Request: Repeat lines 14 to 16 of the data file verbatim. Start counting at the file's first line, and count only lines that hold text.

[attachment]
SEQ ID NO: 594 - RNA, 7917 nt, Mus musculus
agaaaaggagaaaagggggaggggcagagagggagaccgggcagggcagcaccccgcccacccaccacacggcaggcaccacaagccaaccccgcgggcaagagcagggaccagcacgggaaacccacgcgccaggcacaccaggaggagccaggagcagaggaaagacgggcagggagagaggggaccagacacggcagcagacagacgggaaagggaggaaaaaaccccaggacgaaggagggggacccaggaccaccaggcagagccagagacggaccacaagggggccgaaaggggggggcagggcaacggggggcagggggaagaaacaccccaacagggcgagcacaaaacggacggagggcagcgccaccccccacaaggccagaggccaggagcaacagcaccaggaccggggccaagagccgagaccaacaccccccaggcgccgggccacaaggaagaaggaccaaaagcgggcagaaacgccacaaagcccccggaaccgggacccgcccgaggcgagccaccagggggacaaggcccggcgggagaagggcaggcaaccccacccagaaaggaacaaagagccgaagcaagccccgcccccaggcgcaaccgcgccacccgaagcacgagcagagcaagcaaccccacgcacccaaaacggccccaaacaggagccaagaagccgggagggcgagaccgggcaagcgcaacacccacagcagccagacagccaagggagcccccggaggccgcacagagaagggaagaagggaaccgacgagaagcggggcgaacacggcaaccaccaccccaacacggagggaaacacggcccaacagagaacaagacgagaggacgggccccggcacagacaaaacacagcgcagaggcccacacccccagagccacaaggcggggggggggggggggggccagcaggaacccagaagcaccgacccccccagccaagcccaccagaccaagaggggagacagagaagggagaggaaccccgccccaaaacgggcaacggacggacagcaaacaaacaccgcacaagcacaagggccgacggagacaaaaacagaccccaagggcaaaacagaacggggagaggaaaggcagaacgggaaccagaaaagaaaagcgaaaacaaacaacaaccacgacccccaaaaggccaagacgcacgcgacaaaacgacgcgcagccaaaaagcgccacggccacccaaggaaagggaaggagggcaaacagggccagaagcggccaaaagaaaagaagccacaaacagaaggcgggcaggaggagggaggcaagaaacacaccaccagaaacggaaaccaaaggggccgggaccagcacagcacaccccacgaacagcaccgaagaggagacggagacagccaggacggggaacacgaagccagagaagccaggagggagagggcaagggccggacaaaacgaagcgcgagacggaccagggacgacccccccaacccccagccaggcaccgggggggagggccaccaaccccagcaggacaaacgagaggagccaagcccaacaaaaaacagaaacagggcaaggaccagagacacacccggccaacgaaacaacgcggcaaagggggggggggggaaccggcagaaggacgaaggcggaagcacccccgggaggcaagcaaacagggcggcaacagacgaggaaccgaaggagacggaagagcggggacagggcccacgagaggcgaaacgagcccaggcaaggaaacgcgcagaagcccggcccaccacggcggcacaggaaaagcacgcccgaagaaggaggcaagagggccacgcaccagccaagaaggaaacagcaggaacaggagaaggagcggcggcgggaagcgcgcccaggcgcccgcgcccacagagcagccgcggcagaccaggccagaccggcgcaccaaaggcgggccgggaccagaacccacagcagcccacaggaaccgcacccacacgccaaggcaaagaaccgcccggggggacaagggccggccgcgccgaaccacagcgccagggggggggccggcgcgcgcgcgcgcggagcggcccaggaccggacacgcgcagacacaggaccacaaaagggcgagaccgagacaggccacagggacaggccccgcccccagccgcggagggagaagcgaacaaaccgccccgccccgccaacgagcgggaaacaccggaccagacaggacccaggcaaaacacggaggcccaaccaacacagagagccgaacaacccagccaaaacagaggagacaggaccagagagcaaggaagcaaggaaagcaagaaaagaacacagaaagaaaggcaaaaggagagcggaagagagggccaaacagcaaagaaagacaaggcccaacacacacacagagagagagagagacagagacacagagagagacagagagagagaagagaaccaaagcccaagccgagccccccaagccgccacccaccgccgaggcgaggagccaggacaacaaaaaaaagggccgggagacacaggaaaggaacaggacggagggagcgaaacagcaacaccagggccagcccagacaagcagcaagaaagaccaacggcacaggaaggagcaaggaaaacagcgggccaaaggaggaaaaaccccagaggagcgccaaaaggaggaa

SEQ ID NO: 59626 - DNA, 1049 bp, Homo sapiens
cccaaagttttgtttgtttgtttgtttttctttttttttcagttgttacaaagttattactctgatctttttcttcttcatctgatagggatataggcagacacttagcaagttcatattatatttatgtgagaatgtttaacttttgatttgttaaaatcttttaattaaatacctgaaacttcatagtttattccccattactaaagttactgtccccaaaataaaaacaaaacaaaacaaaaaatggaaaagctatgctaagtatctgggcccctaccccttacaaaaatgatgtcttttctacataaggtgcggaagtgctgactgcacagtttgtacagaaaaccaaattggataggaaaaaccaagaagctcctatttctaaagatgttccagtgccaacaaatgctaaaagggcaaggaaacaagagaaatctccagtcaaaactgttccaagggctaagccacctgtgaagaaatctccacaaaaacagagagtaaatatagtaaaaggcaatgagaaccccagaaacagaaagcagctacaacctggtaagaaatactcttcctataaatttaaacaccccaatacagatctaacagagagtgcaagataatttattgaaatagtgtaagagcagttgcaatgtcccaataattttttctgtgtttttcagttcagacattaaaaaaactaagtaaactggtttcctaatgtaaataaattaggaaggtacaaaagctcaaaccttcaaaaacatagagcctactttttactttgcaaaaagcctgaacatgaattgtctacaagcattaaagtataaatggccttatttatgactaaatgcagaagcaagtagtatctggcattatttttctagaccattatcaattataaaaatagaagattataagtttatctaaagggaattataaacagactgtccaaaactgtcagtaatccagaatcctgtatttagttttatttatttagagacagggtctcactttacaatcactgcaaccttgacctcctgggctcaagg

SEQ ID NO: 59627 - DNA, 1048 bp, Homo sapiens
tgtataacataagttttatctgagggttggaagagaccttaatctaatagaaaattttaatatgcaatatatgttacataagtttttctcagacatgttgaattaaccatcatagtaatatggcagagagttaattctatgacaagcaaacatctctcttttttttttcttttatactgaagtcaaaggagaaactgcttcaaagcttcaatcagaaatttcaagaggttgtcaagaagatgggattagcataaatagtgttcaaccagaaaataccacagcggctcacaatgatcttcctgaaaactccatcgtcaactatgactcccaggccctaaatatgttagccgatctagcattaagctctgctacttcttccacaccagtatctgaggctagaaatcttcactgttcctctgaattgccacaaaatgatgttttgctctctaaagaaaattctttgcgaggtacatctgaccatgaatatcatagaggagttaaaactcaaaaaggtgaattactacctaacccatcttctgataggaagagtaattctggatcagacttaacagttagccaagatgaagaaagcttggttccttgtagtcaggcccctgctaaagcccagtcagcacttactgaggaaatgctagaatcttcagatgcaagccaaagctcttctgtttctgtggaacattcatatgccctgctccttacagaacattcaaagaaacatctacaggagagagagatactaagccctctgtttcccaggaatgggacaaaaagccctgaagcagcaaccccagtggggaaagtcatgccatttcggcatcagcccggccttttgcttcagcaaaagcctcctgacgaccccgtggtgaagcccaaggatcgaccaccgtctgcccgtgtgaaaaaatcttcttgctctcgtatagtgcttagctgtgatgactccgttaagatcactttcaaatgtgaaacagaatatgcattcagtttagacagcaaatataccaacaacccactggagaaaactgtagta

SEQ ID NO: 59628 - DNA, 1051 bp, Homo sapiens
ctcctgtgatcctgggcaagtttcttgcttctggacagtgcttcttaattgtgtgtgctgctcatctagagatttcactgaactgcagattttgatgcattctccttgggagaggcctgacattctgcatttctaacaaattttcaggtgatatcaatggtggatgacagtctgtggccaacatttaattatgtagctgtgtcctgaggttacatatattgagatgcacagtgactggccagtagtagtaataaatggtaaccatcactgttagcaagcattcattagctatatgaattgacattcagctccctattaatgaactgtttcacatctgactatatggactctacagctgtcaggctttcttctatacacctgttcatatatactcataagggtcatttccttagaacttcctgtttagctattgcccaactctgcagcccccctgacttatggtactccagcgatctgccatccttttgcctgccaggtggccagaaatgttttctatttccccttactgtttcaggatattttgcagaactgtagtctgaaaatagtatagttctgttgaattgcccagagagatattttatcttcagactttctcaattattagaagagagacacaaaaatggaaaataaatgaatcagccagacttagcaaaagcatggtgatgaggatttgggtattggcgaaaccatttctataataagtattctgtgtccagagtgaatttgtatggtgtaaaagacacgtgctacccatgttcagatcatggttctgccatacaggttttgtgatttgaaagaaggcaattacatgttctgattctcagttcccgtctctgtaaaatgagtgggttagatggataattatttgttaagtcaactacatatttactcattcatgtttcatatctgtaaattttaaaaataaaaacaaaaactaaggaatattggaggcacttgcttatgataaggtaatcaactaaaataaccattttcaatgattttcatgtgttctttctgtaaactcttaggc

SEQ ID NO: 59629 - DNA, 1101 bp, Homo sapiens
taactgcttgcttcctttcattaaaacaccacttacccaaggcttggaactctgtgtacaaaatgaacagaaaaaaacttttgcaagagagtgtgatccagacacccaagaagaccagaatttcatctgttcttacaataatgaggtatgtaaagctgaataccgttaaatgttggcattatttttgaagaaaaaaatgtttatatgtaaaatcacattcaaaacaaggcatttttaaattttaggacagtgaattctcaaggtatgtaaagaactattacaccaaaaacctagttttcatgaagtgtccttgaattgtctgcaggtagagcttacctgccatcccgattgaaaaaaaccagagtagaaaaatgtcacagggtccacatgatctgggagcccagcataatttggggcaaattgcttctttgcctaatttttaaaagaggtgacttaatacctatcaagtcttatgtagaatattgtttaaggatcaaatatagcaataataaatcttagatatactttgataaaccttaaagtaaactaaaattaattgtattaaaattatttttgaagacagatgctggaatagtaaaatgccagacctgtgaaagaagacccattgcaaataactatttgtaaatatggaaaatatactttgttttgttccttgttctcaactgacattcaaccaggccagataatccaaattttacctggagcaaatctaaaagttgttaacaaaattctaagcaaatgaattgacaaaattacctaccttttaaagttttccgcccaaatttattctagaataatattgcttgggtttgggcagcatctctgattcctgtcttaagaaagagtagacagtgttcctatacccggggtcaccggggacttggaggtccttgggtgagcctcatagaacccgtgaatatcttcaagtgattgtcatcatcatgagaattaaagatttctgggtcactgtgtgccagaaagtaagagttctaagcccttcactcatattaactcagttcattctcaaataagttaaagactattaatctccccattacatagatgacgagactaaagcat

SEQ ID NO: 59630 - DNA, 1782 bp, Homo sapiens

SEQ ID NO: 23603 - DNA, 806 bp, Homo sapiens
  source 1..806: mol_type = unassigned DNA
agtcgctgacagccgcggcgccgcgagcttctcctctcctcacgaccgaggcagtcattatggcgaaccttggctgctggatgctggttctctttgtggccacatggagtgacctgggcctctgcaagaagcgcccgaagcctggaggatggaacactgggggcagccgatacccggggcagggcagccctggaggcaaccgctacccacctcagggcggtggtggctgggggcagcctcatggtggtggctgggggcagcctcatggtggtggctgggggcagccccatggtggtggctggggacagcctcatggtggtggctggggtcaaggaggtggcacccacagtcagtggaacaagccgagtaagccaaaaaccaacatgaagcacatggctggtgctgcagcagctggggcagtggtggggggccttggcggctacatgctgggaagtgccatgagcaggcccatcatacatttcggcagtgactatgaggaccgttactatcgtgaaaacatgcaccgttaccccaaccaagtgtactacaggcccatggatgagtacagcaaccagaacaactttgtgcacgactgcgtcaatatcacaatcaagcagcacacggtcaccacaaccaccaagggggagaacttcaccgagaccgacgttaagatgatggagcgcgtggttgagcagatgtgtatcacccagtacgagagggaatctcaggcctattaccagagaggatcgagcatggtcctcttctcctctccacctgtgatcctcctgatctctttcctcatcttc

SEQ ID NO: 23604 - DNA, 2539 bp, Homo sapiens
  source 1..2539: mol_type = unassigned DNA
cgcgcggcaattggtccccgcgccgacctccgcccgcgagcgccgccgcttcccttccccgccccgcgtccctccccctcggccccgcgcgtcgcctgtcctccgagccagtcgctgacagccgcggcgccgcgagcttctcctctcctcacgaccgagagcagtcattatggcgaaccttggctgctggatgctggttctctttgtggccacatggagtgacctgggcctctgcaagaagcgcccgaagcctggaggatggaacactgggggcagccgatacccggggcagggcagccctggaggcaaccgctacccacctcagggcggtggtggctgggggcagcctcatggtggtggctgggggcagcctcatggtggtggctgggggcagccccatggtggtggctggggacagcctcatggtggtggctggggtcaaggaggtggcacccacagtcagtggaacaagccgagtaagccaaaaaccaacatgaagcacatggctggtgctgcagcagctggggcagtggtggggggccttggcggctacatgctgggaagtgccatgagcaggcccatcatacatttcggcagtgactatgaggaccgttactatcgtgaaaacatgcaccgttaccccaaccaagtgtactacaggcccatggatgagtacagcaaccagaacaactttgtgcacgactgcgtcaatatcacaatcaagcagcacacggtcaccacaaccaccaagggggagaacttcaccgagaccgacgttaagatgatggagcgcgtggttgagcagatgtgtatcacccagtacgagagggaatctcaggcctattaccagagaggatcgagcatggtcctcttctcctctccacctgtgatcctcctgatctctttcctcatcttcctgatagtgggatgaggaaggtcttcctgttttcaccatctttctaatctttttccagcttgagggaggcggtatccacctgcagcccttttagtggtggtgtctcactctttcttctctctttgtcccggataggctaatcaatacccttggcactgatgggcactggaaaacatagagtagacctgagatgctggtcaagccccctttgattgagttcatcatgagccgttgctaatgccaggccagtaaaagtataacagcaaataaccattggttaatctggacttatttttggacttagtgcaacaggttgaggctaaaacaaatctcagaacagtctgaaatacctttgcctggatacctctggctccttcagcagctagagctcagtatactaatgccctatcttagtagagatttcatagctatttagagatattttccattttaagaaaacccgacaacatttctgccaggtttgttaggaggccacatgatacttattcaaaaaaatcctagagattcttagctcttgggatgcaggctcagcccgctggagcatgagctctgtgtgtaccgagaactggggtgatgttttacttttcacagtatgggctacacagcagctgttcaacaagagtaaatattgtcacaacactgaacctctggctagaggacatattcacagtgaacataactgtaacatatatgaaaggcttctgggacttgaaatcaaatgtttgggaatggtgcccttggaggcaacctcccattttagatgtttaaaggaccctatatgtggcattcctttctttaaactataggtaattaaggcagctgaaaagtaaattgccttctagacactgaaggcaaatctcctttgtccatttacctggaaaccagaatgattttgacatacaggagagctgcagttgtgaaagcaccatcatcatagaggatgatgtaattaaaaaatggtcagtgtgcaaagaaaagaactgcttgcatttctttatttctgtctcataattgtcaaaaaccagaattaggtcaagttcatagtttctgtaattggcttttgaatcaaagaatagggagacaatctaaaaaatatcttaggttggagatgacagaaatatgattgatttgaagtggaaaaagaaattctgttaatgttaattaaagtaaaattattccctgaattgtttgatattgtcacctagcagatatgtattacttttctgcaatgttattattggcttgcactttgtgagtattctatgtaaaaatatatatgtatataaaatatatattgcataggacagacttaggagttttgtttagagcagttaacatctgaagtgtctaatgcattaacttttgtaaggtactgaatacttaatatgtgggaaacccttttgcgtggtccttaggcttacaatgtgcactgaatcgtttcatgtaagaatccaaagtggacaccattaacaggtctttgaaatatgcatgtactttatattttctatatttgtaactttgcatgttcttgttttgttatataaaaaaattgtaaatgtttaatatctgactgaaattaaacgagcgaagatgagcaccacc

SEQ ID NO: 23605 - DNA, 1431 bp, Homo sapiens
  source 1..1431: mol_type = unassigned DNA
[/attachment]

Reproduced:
agtcgctgacagccgcggcgccgcgagcttctcctctcctcacgaccgaggcagtcattatggcgaaccttggctgctggatgctggttctctttgtggccacatggagtgacctgggcctctgcaagaagcgcccgaagcctggaggatggaacactgggggcagccgatacccggggcagggcagccctggaggcaaccgctacccacctcagggcggtggtggctgggggcagcctcatggtggtggctgggggcagcctcatggtggtggctgggggcagccccatggtggtggctggggacagcctcatggtggtggctggggtcaaggaggtggcacccacagtcagtggaacaagccgagtaagccaaaaaccaacatgaagcacatggctggtgctgcagcagctggggcagtggtggggggccttggcggctacatgctgggaagtgccatgagcaggcccatcatacatttcggcagtgactatgaggaccgttactatcgtgaaaacatgcaccgttaccccaaccaagtgtactacaggcccatggatgagtacagcaaccagaacaactttgtgcacgactgcgtcaatatcacaatcaagcagcacacggtcaccacaaccaccaagggggagaacttcaccgagaccgacgttaagatgatggagcgcgtggttgagcagatgtgtatcacccagtacgagagggaatctcaggcctattaccagagaggatcgagcatggtcctcttctcctctccacctgtgatcctcctgatctctttcctcatcttc

SEQ ID NO: 23604 - DNA, 2539 bp, Homo sapiens
  source 1..2539: mol_type = unassigned DNA